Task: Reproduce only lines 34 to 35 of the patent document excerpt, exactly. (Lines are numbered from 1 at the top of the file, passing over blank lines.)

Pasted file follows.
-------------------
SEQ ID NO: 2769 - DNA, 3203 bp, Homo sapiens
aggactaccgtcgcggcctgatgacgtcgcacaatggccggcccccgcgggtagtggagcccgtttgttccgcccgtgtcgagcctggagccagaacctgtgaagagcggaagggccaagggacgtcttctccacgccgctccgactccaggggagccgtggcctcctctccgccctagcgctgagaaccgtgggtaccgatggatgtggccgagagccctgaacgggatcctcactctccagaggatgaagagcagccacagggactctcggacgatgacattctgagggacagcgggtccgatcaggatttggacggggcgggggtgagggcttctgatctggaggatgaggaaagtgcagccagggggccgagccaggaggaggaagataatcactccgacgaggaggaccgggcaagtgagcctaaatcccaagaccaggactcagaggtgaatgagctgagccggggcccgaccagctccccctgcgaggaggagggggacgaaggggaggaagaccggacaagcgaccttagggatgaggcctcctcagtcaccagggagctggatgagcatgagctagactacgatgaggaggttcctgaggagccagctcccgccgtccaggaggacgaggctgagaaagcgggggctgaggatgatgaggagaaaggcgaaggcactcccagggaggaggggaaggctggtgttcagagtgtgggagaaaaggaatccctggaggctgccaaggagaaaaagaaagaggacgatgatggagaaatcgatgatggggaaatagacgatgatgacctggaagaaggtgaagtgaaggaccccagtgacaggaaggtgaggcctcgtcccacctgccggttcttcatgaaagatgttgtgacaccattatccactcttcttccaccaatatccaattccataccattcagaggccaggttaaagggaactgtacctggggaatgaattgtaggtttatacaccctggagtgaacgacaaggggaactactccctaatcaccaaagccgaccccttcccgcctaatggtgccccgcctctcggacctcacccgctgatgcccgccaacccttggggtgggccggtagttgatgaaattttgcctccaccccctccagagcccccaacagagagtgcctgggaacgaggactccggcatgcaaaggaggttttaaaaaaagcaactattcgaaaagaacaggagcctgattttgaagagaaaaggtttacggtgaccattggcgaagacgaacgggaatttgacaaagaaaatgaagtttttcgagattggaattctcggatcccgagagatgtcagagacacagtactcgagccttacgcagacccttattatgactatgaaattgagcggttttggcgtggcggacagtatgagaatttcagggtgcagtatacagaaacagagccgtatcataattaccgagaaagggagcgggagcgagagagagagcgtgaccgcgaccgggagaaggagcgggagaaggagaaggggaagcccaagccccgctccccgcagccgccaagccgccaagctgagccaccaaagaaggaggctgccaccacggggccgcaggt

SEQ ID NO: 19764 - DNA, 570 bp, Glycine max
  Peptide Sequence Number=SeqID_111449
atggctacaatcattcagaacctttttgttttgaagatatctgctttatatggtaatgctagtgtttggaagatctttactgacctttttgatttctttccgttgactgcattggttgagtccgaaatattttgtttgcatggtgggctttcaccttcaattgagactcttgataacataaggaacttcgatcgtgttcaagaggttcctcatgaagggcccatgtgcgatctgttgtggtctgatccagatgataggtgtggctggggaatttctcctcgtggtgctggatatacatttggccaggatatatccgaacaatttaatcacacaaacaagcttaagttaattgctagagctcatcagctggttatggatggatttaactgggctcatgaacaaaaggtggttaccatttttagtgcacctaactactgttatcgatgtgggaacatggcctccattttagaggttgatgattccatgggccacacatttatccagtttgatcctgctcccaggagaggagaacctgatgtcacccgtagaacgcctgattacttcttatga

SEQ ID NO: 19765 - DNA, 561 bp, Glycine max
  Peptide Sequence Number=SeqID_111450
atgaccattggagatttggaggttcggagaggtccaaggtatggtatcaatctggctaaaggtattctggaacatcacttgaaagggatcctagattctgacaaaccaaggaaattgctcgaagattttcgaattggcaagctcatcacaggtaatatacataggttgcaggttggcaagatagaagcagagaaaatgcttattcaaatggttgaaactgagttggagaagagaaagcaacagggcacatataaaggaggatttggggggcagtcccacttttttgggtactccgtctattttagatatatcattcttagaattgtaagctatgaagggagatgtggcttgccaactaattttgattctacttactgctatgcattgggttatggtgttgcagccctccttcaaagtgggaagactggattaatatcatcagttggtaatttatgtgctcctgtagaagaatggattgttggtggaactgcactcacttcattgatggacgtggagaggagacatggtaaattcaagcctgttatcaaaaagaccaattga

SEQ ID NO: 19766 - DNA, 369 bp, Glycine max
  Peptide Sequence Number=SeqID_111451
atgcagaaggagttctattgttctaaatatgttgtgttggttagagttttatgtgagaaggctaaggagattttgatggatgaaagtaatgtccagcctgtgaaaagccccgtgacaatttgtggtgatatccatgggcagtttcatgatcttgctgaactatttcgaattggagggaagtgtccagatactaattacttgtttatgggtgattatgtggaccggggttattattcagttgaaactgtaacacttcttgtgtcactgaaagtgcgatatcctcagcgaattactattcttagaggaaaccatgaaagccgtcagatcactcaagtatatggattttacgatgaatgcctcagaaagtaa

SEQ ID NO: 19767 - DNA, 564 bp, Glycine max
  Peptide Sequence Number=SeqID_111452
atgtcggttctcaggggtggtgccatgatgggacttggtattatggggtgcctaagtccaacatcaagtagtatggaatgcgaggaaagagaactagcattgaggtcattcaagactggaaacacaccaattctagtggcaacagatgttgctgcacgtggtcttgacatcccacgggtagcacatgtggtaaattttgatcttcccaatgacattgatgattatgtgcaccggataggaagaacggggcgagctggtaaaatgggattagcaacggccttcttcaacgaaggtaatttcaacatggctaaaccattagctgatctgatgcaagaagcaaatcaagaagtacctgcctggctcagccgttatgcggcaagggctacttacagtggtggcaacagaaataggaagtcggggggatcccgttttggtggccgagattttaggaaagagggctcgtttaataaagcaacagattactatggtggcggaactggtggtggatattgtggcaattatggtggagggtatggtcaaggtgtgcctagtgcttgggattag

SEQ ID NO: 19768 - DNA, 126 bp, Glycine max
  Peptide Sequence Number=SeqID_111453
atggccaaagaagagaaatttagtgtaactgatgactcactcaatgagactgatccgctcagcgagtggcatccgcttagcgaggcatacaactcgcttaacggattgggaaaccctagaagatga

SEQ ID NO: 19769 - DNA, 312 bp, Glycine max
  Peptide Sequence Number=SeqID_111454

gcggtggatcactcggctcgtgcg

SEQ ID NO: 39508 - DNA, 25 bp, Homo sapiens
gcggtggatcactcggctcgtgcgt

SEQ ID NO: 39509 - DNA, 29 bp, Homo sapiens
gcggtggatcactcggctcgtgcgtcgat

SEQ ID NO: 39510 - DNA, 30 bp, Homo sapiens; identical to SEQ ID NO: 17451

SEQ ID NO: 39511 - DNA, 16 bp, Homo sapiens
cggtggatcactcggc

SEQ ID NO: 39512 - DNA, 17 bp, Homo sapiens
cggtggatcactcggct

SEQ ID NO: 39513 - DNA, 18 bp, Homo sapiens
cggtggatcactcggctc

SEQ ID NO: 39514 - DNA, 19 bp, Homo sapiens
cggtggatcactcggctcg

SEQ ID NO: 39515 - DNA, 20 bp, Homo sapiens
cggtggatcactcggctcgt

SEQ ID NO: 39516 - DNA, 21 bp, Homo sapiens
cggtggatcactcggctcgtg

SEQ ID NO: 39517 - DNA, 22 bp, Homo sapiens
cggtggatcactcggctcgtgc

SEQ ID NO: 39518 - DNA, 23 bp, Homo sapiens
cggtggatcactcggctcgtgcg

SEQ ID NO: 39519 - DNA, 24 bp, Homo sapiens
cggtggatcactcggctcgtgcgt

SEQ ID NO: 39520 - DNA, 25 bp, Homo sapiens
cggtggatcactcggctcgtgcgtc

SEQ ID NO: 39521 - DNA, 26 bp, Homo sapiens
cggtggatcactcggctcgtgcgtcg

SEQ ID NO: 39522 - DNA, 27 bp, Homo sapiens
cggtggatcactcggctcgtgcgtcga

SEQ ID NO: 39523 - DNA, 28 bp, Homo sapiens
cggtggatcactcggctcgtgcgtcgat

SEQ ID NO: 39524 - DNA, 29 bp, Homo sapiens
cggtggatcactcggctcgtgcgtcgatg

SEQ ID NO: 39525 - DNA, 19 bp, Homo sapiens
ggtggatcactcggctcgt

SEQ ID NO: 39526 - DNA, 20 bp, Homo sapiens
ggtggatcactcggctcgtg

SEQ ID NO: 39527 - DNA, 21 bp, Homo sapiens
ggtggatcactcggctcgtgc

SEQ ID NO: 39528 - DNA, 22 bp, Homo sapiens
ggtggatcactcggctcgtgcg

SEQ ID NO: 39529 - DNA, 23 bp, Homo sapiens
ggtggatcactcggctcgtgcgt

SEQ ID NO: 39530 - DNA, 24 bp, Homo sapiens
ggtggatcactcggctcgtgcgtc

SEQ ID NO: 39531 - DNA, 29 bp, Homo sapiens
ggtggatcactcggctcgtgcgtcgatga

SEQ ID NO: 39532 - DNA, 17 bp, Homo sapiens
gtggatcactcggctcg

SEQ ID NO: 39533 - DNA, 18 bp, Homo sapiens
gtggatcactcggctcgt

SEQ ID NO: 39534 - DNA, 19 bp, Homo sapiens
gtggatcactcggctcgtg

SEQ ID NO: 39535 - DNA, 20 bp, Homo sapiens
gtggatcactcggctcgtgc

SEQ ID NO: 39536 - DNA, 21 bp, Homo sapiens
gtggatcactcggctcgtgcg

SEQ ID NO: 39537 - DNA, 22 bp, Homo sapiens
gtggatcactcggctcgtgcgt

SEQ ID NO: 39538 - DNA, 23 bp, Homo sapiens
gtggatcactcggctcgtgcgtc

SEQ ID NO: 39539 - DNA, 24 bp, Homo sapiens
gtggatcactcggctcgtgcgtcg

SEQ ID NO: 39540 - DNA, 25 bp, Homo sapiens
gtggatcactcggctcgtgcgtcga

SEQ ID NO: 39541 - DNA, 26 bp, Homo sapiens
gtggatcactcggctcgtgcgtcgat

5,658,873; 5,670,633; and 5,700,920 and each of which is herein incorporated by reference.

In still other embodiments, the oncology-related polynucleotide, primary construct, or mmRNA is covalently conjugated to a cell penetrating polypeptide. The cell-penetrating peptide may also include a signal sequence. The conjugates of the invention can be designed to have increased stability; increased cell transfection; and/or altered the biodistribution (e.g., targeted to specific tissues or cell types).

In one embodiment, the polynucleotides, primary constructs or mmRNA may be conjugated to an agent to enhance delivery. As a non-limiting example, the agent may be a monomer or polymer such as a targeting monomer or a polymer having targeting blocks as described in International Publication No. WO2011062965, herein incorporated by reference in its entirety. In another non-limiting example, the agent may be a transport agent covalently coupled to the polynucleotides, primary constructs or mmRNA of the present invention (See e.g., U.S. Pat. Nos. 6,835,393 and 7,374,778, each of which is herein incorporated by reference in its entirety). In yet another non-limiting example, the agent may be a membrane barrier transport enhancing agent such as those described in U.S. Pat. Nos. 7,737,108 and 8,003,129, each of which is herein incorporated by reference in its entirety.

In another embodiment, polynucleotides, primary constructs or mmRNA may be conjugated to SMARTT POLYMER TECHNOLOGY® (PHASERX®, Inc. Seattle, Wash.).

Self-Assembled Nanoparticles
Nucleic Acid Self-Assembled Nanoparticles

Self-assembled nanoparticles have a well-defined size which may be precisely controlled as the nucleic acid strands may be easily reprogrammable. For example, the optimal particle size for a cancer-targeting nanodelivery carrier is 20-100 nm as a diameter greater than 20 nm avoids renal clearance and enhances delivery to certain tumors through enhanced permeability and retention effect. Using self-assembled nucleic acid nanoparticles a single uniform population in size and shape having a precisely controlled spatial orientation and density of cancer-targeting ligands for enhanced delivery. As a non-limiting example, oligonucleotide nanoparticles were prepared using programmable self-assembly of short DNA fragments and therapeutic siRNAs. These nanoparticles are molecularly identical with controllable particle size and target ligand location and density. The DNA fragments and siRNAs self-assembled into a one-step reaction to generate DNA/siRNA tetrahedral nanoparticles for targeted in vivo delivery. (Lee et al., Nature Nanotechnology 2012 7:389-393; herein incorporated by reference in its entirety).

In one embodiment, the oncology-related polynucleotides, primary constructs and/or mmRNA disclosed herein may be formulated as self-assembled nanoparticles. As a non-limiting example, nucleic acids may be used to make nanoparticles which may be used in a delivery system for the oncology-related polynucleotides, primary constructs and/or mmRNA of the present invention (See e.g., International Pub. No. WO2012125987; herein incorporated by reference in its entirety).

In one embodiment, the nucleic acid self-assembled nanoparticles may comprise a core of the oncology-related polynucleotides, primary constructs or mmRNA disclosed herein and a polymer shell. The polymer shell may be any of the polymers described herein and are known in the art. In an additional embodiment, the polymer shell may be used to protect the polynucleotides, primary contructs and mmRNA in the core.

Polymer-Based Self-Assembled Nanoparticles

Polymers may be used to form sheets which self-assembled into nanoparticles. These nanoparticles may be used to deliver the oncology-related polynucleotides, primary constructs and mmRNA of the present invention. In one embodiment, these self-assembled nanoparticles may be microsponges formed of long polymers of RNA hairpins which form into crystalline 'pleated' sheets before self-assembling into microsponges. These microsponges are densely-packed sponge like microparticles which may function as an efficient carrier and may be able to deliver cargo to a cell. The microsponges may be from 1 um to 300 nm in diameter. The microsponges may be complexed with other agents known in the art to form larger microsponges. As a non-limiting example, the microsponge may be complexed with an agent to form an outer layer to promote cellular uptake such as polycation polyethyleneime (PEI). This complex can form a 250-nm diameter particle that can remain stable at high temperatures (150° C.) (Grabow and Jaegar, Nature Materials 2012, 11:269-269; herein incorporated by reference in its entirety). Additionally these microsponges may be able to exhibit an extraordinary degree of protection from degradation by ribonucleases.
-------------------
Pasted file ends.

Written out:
SEQ ID NO: 39515 - DNA, 20 bp, Homo sapiens
cggtggatcactcggctcgt